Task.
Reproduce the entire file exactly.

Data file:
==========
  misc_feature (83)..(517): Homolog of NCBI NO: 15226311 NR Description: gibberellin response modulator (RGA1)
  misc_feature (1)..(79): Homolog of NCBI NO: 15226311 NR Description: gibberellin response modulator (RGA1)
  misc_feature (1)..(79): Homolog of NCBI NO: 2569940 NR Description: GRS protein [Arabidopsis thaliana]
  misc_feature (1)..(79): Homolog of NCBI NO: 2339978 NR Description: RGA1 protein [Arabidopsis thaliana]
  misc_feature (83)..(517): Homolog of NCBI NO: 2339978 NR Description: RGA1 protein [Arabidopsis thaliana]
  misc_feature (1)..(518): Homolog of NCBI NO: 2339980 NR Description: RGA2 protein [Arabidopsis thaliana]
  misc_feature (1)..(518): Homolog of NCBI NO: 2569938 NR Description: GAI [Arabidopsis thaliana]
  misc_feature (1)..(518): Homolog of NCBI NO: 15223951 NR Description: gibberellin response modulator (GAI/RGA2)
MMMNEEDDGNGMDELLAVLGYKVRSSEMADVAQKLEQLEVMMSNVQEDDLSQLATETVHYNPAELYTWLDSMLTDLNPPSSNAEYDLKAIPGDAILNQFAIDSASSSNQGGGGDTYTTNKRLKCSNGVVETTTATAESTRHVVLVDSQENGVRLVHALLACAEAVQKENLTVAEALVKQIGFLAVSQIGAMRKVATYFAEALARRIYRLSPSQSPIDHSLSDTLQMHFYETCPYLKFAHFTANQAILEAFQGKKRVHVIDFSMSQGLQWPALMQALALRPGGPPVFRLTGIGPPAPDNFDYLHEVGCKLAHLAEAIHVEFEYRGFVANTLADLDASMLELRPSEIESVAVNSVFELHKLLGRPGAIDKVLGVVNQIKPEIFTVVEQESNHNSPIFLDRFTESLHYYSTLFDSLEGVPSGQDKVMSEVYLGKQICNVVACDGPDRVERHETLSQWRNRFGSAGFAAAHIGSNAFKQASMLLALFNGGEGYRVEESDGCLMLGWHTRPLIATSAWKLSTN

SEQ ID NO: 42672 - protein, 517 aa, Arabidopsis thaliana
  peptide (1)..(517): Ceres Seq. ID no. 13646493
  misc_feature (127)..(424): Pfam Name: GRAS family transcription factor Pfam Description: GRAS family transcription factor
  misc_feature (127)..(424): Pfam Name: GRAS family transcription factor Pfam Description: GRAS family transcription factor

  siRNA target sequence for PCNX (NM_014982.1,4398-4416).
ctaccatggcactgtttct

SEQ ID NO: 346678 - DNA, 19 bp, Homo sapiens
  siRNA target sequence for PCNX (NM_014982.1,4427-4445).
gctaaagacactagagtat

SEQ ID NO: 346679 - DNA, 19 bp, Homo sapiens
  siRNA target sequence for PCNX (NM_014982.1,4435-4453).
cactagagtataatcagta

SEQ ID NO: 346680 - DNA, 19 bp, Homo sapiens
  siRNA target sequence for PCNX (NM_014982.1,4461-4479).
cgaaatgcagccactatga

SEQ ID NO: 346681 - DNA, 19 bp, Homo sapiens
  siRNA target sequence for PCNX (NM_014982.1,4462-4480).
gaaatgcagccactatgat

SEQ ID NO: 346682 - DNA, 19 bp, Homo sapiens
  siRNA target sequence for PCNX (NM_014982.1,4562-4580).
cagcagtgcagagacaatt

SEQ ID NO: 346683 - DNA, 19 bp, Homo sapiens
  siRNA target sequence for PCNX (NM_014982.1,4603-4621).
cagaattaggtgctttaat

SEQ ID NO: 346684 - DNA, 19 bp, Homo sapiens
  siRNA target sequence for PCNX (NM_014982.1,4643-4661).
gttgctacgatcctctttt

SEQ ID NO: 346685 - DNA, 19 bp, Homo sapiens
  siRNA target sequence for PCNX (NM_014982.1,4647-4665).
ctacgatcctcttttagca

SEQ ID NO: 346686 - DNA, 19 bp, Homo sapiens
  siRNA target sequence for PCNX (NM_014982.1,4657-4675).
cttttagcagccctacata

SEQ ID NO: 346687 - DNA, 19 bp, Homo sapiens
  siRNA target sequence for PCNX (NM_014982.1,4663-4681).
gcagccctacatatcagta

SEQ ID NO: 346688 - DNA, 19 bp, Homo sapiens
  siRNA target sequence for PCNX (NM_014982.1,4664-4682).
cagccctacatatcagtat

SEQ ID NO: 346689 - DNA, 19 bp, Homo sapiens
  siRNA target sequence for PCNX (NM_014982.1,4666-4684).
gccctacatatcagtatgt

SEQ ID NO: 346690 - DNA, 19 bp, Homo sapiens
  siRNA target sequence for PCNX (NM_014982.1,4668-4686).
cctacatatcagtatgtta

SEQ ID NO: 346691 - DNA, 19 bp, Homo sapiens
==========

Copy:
  misc_feature (83)..(517): Homolog of NCBI NO: 15226311 NR Description: gibberellin response modulator (RGA1)
  misc_feature (1)..(79): Homolog of NCBI NO: 15226311 NR Description: gibberellin response modulator (RGA1)
  misc_feature (1)..(79): Homolog of NCBI NO: 2569940 NR Description: GRS protein [Arabidopsis thaliana]
  misc_feature (1)..(79): Homolog of NCBI NO: 2339978 NR Description: RGA1 protein [Arabidopsis thaliana]
  misc_feature (83)..(517): Homolog of NCBI NO: 2339978 NR Description: RGA1 protein [Arabidopsis thaliana]
  misc_feature (1)..(518): Homolog of NCBI NO: 2339980 NR Description: RGA2 protein [Arabidopsis thaliana]
  misc_feature (1)..(518): Homolog of NCBI NO: 2569938 NR Description: GAI [Arabidopsis thaliana]
  misc_feature (1)..(518): Homolog of NCBI NO: 15223951 NR Description: gibberellin response modulator (GAI/RGA2)
MMMNEEDDGNGMDELLAVLGYKVRSSEMADVAQKLEQLEVMMSNVQEDDLSQLATETVHYNPAELYTWLDSMLTDLNPPSSNAEYDLKAIPGDAILNQFAIDSASSSNQGGGGDTYTTNKRLKCSNGVVETTTATAESTRHVVLVDSQENGVRLVHALLACAEAVQKENLTVAEALVKQIGFLAVSQIGAMRKVATYFAEALARRIYRLSPSQSPIDHSLSDTLQMHFYETCPYLKFAHFTANQAILEAFQGKKRVHVIDFSMSQGLQWPALMQALALRPGGPPVFRLTGIGPPAPDNFDYLHEVGCKLAHLAEAIHVEFEYRGFVANTLADLDASMLELRPSEIESVAVNSVFELHKLLGRPGAIDKVLGVVNQIKPEIFTVVEQESNHNSPIFLDRFTESLHYYSTLFDSLEGVPSGQDKVMSEVYLGKQICNVVACDGPDRVERHETLSQWRNRFGSAGFAAAHIGSNAFKQASMLLALFNGGEGYRVEESDGCLMLGWHTRPLIATSAWKLSTN

SEQ ID NO: 42672 - protein, 517 aa, Arabidopsis thaliana
  peptide (1)..(517): Ceres Seq. ID no. 13646493
  misc_feature (127)..(424): Pfam Name: GRAS family transcription factor Pfam Description: GRAS family transcription factor
  misc_feature (127)..(424): Pfam Name: GRAS family transcription factor Pfam Description: GRAS family transcription factor

  siRNA target sequence for PCNX (NM_014982.1,4398-4416).
ctaccatggcactgtttct

SEQ ID NO: 346678 - DNA, 19 bp, Homo sapiens
  siRNA target sequence for PCNX (NM_014982.1,4427-4445).
gctaaagacactagagtat

SEQ ID NO: 346679 - DNA, 19 bp, Homo sapiens
  siRNA target sequence for PCNX (NM_014982.1,4435-4453).
cactagagtataatcagta

SEQ ID NO: 346680 - DNA, 19 bp, Homo sapiens
  siRNA target sequence for PCNX (NM_014982.1,4461-4479).
cgaaatgcagccactatga

SEQ ID NO: 346681 - DNA, 19 bp, Homo sapiens
  siRNA target sequence for PCNX (NM_014982.1,4462-4480).
gaaatgcagccactatgat

SEQ ID NO: 346682 - DNA, 19 bp, Homo sapiens
  siRNA target sequence for PCNX (NM_014982.1,4562-4580).
cagcagtgcagagacaatt

SEQ ID NO: 346683 - DNA, 19 bp, Homo sapiens
  siRNA target sequence for PCNX (NM_014982.1,4603-4621).
cagaattaggtgctttaat

SEQ ID NO: 346684 - DNA, 19 bp, Homo sapiens
  siRNA target sequence for PCNX (NM_014982.1,4643-4661).
gttgctacgatcctctttt

SEQ ID NO: 346685 - DNA, 19 bp, Homo sapiens
  siRNA target sequence for PCNX (NM_014982.1,4647-4665).
ctacgatcctcttttagca

SEQ ID NO: 346686 - DNA, 19 bp, Homo sapiens
  siRNA target sequence for PCNX (NM_014982.1,4657-4675).
cttttagcagccctacata

SEQ ID NO: 346687 - DNA, 19 bp, Homo sapiens
  siRNA target sequence for PCNX (NM_014982.1,4663-4681).
gcagccctacatatcagta

SEQ ID NO: 346688 - DNA, 19 bp, Homo sapiens
  siRNA target sequence for PCNX (NM_014982.1,4664-4682).
cagccctacatatcagtat

SEQ ID NO: 346689 - DNA, 19 bp, Homo sapiens
  siRNA target sequence for PCNX (NM_014982.1,4666-4684).
gccctacatatcagtatgt

SEQ ID NO: 346690 - DNA, 19 bp, Homo sapiens
  siRNA target sequence for PCNX (NM_014982.1,4668-4686).
cctacatatcagtatgtta

SEQ ID NO: 346691 - DNA, 19 bp, Homo sapiens